What is the Holodomor?

Nov 1, 2021

The Holodomor was civilizational annihilation of Ukrainians. Joseph Stalin aimed to destroy such a civilizational phenomenon as Ukrainians, and to prevent the Ukrainian people from playing their independent role in history ever again

Let’s try to find out what the Holodomor was, and what had preceded this genocide of Ukrainians and one of the biggest crimes against humanity in world history. Let’s also explain why the vital information on the Holodomor tragedy is still concealed

This publication opens a series of articles that explain the Holodomor topic. First of all, let’s try to find out what the Holodomor was, and what had preceded this genocide of Ukrainians and one of the biggest crimes against humanity in world history. Let’s also explain why the vital information on the Holodomor tragedy is still concealed and in whose best interest it is to keep it secret.

In 1921 the American Relief Administration (ARA) was negotiating with the Soviet Union the terms for their future operations in the Soviet state. Maksym Lytvynov, a Soviet diplomat at that time and later the People’s Commissar of the Foreign Affairs, in his response to an American representative said, “Food is a weapon.” And in 1932-1933 on the territory of modern Ukraine, the Soviet regime demonstrated what a devastating weapon it could become if possessed by totalitarian dictatorship. This was when millions of people died as a result of the deliberate Soviet policy. The Holodomor was recognised as a genocide by 17 countries. Today it is considered one of the biggest crimes against humanity.

Voronkiv of Boryspil district in Kyiv region — a village since the olden days, and a settlement in the times of the Cossack Hetmanate. A young bride in her national wedding dress, surrounded by her bridesmaids and friends, circa 1920s. The photo provided by the National Centre of Folk Culture “Ivan Honchar Museum”.

– … Perhaps the classic example of Soviet genocide, its longest and broadest experiment in Russification – the destruction of the Ukrainian nation.

This was the description of the Holodomor given in his article by Raphael Lemkin, a Polish lawyer of Jewish descent, who was the first to put the term “genocide” into the global context. The Holodomor is a proper name of the genocide of Ukrainians. This was a form of deliberate mass killings of Ukrainians during 1932-1933. It became possible by setting the unrealistically high quotas for the state grain procurement plan and through coercive expropriation of people’s land, property, and food — the measures that killed millions of Ukrainians. In this way Stalin was trying to suppress the Ukrainians who opposed collectivisation (a policy adopted by the Soviet government to transform traditional agriculture from private property to collective state-controlled ownership — ed.) en masse and who rose against the Soviet rule.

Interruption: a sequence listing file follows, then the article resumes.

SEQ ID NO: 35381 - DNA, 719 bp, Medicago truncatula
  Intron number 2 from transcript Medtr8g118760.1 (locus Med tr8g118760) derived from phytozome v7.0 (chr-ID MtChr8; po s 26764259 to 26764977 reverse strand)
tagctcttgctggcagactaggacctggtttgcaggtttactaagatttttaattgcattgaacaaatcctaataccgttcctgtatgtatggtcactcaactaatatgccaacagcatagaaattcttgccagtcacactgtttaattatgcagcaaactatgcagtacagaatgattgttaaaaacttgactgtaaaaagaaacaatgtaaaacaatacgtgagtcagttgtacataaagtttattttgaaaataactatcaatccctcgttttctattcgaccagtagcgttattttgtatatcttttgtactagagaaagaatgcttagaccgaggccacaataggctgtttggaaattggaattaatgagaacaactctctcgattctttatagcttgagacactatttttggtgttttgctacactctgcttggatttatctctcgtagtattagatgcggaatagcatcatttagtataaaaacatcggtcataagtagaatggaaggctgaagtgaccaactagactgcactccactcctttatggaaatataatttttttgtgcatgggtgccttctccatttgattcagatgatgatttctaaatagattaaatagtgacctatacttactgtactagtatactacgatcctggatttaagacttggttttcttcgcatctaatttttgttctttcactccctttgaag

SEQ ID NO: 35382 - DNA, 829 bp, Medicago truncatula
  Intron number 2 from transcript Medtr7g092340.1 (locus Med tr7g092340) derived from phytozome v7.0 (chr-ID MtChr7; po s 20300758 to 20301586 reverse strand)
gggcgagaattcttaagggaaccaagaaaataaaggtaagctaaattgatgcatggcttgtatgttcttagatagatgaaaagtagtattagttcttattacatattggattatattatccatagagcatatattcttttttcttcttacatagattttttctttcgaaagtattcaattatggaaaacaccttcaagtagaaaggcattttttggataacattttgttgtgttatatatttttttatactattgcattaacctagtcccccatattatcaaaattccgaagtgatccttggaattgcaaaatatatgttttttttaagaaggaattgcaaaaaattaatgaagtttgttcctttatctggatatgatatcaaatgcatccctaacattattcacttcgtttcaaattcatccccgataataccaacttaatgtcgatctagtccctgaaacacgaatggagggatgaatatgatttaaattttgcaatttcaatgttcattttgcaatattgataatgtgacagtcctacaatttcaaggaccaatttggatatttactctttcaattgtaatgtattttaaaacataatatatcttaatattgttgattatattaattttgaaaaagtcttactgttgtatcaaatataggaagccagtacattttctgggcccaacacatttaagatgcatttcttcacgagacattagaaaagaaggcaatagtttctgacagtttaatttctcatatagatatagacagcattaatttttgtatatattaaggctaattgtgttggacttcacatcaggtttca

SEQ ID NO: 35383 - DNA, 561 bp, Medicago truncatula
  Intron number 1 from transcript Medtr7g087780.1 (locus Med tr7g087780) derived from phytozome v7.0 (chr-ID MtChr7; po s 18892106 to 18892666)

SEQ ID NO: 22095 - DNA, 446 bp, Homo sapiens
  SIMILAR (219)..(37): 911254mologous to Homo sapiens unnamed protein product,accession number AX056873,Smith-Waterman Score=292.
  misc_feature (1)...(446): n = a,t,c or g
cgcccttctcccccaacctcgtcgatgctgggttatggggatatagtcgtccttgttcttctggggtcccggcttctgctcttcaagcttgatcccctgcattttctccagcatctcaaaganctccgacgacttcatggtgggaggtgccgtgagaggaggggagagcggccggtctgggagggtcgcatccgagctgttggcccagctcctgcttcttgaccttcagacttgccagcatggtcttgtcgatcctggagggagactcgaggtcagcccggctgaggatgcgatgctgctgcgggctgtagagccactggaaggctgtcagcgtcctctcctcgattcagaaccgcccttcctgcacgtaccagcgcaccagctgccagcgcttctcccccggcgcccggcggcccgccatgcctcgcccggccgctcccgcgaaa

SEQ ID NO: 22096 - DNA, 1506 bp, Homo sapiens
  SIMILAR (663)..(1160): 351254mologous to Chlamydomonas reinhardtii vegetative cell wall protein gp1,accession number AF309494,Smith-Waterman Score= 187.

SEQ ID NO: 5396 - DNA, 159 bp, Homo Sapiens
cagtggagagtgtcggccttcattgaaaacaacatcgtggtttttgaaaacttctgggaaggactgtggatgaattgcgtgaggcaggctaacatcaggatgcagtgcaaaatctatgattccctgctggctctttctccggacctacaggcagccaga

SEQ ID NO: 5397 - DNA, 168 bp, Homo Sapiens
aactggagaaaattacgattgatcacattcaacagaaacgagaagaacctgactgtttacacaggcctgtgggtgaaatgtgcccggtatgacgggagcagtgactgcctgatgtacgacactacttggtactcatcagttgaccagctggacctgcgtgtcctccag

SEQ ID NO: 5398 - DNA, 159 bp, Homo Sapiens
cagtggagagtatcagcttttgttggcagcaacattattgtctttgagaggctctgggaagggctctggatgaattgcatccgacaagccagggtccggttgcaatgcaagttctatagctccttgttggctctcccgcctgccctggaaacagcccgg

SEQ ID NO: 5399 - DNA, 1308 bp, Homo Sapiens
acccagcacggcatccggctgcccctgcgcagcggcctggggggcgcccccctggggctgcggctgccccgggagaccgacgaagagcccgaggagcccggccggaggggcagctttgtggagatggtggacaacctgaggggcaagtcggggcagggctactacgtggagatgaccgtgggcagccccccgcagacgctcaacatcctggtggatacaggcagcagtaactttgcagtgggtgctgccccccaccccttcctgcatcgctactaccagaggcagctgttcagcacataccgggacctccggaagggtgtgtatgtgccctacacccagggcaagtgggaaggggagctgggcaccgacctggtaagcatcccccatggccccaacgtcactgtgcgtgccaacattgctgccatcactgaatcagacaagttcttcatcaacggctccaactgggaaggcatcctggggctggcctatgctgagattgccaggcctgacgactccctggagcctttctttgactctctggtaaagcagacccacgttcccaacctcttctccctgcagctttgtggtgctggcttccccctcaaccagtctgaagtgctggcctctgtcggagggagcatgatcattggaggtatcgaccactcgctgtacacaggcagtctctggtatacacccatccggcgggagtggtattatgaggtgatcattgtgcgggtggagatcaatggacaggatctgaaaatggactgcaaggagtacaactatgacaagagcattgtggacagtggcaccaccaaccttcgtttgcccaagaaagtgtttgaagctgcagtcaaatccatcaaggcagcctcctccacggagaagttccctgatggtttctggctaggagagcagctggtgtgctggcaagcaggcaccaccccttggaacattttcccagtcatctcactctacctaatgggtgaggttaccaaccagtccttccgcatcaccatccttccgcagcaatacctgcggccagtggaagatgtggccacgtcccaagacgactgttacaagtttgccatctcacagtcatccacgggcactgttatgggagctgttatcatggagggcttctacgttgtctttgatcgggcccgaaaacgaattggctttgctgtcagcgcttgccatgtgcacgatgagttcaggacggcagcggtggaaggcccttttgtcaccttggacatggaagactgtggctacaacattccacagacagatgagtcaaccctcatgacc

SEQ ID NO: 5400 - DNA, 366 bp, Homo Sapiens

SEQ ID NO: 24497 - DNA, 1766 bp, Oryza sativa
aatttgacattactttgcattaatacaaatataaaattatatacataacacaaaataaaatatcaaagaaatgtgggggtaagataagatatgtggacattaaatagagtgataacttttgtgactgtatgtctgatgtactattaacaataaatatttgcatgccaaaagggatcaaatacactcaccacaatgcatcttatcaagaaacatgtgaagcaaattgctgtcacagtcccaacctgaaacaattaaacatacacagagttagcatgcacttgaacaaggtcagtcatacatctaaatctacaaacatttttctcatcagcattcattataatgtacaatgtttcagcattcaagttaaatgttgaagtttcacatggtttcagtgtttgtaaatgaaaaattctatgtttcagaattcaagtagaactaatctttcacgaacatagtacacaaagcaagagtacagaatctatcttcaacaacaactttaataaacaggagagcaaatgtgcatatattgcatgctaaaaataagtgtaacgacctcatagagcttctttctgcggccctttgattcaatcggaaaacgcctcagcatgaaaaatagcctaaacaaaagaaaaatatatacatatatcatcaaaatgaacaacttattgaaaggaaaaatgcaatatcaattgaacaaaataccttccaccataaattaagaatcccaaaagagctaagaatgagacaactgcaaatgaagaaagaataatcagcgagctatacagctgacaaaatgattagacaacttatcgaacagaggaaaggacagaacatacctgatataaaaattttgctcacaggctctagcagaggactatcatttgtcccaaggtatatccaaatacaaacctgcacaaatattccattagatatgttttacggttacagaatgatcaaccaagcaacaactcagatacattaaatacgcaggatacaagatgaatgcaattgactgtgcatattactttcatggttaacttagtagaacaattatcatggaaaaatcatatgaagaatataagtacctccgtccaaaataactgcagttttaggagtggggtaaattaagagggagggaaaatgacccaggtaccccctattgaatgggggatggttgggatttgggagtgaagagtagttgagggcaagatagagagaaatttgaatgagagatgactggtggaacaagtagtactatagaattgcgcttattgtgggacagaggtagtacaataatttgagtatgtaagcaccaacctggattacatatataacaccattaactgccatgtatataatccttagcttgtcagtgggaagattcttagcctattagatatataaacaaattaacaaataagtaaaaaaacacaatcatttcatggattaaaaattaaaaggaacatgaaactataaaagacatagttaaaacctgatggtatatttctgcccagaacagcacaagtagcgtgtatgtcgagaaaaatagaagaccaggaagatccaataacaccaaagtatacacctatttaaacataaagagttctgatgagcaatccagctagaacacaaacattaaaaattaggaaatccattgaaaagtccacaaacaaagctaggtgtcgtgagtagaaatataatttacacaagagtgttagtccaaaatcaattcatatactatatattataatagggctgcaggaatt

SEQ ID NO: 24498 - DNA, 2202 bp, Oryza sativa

RAPHAEL LEMKIN

The author of the term “genocide” who also helped to create the legislative framework for recognising a crime as genocide. Its main element is the United Nations Convention on the Prevention and Punishment of the Crime of Genocide. It was adopted by the General Assembly of the United Nations on 9 December 1948. For the first time in the world history, this document defined genocide as any of the acts committed with intent to destroy, in whole or in part, a national, ethnical, racial or religious group, as such.

Over the long period of time this Soviet crime of destroying millions of people and their national and collective consciousness remained little known even in those places, where the events occurred. Total censorship, official statistics falsification, intimidation by the officials, and fear of retaliation had shushed the ringing voices of eyewitnesses and made them speechless. When faced with the choice — to be killed and to endanger their families or to remain silent — most of the eyewitnesses chose silence. Not a single document could prove their survival, which teetered on their physical and emotional edge, or the efforts they had to make to give birth to new generations. The memories of the people became the “archives”.

Today, after almost a century since the Holodomor, all these voices can be heard again. And the new generations can find out the truth and learn the lessons that cost lives of millions.

https://ukrainer.net/what-is-the-holodomor/

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